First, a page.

Thyssenkrupp and Mubea signed a memorandum of understanding for the supply of low-carbon steel from Thyssenkrupp’s planned direct-reduction plant, starting in 2026, according to a release seen by Fastmarkets on Tuesday October 4.
Thyssenkrupp plans to replace blast furnaces at its Duisburg facility with direct-reduced iron (DRI) modules that would have the capacity to produce steel at a rate of 2.5 million tonnes per year.
Low-carbon steel production at the new unit is scheduled to begin in 2026, with “significant purchase volumes planned through 2030,” Thyssenkrupp’s release read.
Thyssenkrupp plans for its Steel Europe operations to be completely climate-neutral by 2045 at the latest, the company said.
Most European steelmakers have recently been investing in green steel projects to cut emissions to comply with strict European Union regulations. Under the European Green Deal, the European Commission is looking to reduce greenhouse gas emissions in the EU by at least 55% by 2030, compared with levels emitted in 1990.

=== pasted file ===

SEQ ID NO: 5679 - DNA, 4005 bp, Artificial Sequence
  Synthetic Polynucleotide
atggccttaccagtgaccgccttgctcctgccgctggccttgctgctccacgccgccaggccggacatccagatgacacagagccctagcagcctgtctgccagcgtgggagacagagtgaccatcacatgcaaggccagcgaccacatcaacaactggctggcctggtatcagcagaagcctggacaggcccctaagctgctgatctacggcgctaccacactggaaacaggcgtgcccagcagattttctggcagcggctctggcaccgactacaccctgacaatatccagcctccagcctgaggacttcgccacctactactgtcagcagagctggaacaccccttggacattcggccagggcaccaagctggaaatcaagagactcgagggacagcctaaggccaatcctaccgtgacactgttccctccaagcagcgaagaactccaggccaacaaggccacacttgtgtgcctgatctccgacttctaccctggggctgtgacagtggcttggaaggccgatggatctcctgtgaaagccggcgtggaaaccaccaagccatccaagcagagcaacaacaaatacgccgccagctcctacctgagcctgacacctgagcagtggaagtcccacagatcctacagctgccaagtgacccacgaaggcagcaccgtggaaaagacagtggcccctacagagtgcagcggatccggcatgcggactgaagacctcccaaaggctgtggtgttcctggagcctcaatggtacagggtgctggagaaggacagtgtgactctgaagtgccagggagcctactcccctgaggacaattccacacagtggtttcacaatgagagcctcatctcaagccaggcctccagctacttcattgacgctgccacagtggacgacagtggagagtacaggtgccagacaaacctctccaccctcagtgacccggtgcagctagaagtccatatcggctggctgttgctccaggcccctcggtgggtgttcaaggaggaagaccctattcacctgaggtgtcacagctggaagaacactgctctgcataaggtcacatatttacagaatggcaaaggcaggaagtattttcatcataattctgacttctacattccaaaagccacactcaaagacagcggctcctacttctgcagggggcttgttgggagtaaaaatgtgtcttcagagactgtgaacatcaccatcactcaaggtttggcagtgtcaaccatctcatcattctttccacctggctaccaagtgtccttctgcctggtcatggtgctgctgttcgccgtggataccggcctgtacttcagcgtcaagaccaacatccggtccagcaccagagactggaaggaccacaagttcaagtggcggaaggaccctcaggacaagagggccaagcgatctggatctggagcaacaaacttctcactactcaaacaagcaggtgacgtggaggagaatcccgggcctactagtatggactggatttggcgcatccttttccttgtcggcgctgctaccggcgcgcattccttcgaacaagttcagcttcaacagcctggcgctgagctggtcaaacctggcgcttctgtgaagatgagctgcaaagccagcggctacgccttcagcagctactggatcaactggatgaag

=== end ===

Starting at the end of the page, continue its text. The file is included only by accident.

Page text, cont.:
Another factor pushing EU mills to seek alternative ways of steelmaking is the growing cost of emitting carbon in the EU, Fastmarkets understands.
The price for a CO2 emissions permit in the EU rose to a historical high of €98 ($96) per tonne in August, according to market participants.
On top of that, demand for green steel among end users has also been growing recently.
In February, Salzgitter signed a deal with German carmaker BMW for the supply of low-carbon steel from 2026 onward.
Salzgitter also signed a similar agreement with automobile group Volkswagen in March.
BMW has also signed an agreement with Swedish green steelmaker H2 Green Steel for the supply of low-CO2 steel, made exclusively using hydrogen and green power from renewable energy sources, at the latter’s European plants.